Now that we’ve picked our jaws up off the floor from the IOC vote to squeeze wrestling out of the Olympic rings, let’s see what arguments work and which ones don’t.
As you’d expect in the free-for-all, speak-before-reading atmosphere of the Interwebs, commenters on various sites have come up with some stupid responses. But some educated observers also might be missing the boat.
Argument: The IOC is just trying to be the X Games.
Winter Games, sure — they’ve added all kinds of snowboard and freestyle skiing events.
Summer Games? The last sports added were golf and rugby sevens. The sports most likely to be added next are baseball/softball, karate or squash. Don’t recall seeing those sports covered at EXPN.
Argument: They should just get rid of ping pong.
Ahem … table tennis beat wrestling in most of the numbers cited in the 2009 IOC report. I’d doubt wrestling made up that much ground in four years. For one thing, table tennis has a staggering 190 national federations to wrestling’s 167.
Wrestling does have one argument in comparison to table tennis and badminton — in the two racket/paddle sports, everyone’s playing for silver medals behind China. The IOC should be (and might be) telling those federations to step it up internationally, just as they have to women’s hockey and now-excluded softball.
(The IOC hasn’t issued a 2013 version of that 2009 report, but they have made the criteria public.)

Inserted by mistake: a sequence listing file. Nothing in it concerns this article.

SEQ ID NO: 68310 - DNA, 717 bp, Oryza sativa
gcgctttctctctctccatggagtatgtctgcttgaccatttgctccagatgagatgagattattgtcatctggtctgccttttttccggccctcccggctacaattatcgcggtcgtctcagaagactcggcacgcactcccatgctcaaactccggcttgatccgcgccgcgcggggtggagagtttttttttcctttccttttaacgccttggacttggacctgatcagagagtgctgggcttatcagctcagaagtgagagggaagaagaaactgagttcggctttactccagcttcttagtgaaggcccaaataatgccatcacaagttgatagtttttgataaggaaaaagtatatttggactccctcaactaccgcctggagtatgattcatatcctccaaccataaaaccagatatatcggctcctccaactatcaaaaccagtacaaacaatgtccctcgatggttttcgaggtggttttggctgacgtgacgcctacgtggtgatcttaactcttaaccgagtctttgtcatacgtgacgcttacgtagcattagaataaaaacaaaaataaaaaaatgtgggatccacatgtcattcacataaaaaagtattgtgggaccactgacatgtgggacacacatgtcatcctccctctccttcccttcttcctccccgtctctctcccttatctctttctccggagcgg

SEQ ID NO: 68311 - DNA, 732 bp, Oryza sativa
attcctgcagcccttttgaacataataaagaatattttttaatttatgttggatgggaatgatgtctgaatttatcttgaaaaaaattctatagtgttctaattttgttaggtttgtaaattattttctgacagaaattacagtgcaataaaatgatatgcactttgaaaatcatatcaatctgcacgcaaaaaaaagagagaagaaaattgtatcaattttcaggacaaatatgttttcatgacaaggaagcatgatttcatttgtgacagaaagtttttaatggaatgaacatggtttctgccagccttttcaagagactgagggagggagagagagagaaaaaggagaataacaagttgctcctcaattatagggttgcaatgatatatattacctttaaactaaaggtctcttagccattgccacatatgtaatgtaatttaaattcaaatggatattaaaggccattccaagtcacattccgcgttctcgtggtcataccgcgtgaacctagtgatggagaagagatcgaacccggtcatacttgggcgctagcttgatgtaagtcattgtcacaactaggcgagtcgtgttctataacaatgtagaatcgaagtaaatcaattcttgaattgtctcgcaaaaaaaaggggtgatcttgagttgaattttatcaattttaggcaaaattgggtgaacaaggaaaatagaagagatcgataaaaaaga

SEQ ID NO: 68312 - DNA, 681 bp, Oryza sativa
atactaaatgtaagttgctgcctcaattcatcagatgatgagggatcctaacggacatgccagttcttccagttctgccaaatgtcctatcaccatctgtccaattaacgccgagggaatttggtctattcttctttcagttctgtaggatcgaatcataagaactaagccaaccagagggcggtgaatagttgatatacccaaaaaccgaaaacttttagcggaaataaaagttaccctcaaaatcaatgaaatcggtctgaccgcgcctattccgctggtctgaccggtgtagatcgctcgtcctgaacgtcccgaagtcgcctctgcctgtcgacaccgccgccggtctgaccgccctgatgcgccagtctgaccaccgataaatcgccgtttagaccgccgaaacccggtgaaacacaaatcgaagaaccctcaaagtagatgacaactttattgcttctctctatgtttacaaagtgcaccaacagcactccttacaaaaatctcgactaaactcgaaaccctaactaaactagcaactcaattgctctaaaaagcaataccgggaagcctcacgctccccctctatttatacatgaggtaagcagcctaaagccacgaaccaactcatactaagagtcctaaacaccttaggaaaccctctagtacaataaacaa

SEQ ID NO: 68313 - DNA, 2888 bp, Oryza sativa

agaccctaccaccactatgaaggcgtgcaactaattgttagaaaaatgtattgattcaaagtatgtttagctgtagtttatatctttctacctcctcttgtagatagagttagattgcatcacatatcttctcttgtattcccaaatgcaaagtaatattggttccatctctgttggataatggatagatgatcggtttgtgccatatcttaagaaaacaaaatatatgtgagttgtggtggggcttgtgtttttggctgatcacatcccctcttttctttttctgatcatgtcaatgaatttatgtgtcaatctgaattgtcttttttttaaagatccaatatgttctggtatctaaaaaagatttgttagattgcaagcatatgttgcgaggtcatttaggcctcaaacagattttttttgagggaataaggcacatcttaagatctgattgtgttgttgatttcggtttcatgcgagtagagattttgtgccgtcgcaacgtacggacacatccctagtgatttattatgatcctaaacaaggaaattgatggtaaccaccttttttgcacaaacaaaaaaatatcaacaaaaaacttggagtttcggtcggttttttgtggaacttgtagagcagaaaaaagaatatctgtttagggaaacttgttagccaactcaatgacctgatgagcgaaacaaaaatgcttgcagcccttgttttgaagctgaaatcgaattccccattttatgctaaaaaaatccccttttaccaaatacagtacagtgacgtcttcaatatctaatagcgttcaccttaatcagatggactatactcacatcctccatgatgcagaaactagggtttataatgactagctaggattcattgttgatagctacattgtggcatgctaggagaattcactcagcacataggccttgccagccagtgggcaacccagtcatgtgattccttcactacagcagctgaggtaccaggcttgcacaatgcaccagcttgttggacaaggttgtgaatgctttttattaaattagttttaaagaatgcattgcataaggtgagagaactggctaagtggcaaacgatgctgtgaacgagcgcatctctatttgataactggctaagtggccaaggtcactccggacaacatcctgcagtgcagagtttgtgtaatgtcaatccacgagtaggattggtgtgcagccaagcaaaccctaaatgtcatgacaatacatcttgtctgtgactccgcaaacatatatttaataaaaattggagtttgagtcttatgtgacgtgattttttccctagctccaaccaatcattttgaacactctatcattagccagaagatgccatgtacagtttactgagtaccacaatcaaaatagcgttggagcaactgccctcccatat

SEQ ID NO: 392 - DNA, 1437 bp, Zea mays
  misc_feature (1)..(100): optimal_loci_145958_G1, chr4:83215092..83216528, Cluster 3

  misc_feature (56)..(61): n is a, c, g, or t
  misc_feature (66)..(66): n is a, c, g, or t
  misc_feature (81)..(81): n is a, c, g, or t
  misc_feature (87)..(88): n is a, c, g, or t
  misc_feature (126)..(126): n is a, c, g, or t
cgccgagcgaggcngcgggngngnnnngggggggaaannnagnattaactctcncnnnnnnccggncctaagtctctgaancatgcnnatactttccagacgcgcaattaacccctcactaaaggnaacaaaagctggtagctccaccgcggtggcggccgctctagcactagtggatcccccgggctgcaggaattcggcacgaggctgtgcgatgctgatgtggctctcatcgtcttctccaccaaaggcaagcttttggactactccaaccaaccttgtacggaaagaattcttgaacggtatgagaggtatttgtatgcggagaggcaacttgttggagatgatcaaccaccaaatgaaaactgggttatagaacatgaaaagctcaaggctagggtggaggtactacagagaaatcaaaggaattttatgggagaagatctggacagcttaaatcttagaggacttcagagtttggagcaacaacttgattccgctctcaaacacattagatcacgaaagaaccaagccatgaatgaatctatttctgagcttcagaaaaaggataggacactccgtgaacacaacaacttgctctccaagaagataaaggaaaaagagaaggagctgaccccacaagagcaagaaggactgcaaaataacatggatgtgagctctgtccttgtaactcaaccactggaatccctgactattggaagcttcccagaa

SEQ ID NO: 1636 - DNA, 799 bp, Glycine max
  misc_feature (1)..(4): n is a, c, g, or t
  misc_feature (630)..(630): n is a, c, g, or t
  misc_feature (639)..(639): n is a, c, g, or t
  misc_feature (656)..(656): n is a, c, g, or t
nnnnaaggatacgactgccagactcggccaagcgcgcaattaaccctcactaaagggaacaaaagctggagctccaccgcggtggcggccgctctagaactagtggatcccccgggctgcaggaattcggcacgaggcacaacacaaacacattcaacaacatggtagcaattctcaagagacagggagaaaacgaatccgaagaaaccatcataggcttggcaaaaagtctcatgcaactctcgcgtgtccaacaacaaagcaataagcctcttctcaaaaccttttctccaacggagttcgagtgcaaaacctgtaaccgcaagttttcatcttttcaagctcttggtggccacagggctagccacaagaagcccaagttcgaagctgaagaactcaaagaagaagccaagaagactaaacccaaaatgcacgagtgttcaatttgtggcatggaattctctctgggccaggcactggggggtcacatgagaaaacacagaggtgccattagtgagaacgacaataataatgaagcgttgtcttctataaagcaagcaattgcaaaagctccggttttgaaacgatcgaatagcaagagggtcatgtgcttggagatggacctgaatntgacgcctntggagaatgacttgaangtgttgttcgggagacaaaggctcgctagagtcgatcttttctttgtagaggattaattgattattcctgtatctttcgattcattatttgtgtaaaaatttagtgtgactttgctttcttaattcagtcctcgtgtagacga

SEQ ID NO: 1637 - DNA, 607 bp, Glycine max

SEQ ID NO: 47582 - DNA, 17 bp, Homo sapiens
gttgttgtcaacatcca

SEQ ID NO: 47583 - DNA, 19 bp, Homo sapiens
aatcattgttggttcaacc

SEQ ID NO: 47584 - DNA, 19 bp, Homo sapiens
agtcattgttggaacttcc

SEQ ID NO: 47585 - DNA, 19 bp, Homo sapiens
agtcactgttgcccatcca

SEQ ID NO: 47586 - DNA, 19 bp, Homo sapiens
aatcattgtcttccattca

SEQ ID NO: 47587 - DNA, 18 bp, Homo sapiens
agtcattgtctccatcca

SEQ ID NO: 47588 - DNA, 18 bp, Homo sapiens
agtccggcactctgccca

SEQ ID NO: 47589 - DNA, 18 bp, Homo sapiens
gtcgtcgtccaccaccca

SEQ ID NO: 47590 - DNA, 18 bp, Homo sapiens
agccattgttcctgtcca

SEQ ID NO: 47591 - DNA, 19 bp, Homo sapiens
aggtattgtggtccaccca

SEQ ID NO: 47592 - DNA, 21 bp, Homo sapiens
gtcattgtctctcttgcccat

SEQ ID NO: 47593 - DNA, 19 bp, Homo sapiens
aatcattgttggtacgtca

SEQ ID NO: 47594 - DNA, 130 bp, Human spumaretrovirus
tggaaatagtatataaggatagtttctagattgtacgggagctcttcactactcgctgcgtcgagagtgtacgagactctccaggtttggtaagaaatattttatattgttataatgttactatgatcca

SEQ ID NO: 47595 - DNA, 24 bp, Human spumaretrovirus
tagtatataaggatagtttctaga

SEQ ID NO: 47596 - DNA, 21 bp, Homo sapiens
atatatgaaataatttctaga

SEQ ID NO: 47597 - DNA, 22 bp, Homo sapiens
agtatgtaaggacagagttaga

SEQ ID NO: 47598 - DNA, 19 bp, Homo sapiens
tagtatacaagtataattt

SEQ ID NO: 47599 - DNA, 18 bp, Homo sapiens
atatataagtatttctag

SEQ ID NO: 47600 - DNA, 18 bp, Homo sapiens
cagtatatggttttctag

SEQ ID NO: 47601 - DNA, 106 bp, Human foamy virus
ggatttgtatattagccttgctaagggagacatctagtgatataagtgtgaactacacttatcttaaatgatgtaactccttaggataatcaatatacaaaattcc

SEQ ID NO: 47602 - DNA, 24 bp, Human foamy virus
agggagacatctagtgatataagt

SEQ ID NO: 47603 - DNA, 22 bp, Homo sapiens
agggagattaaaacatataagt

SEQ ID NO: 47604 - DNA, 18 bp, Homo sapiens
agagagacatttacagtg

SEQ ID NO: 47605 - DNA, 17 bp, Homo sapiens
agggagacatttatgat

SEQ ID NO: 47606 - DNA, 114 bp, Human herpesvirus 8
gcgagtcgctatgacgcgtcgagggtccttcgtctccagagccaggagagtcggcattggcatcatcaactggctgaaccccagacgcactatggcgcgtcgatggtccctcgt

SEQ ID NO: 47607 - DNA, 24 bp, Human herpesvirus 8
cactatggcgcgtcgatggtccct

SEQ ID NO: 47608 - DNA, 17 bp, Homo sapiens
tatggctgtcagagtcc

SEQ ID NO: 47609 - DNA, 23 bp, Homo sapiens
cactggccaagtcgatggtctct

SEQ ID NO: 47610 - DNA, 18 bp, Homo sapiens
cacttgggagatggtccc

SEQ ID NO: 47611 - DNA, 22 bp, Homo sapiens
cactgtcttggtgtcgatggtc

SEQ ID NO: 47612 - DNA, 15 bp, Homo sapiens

Argument: They should just get rid of modern pentathlon.
In a head-to-head vote between wrestling and modern pentathlon, sure, wrestling has a stronger case. But modern pentathlon has a case for inclusion as well — a better one, I’d argue, than most of the sports bidding to get into the Games this fall.
(Incidentally, one report going around yesterday suggested the IOC may add three sports this fall. I haven’t confirmed it, but I think that’s a misreading. The Olympic programme is growing by three sports — golf, rugby, and sport-tba-this-fall. Every official release I’ve seen mentions no possibilities beyond that. If you see something contrary, please let me know.)
Argument: They should get rid of race walking or trampoline or synchronized swimming.
Those are specific events within established sports. In those case, the established sports are track and field, gymnastics, and swimming. Go ahead — try to get one of those three sports evicted from the Games.
If you want to argue to exclude those events, fine, but it’s a separate argument. You’re not going to convince the IOC to bring back wrestling to replace the 32 trampoline athletes you’re kicking out of the Games.
Argument: The number of sports is just so arbitrary. Why are they doing this?
The goal is to keep the Games from growing out of hand so that future host cities won’t be totally bankrupt for decades. But yes, the number of sports may be a bad way to do that. Track and field has 47 events with roughly 2,000 athletes from roughly 200 countries. Modern pentathlon has two events with 72 athletes. Archery has four events with 128 athletes.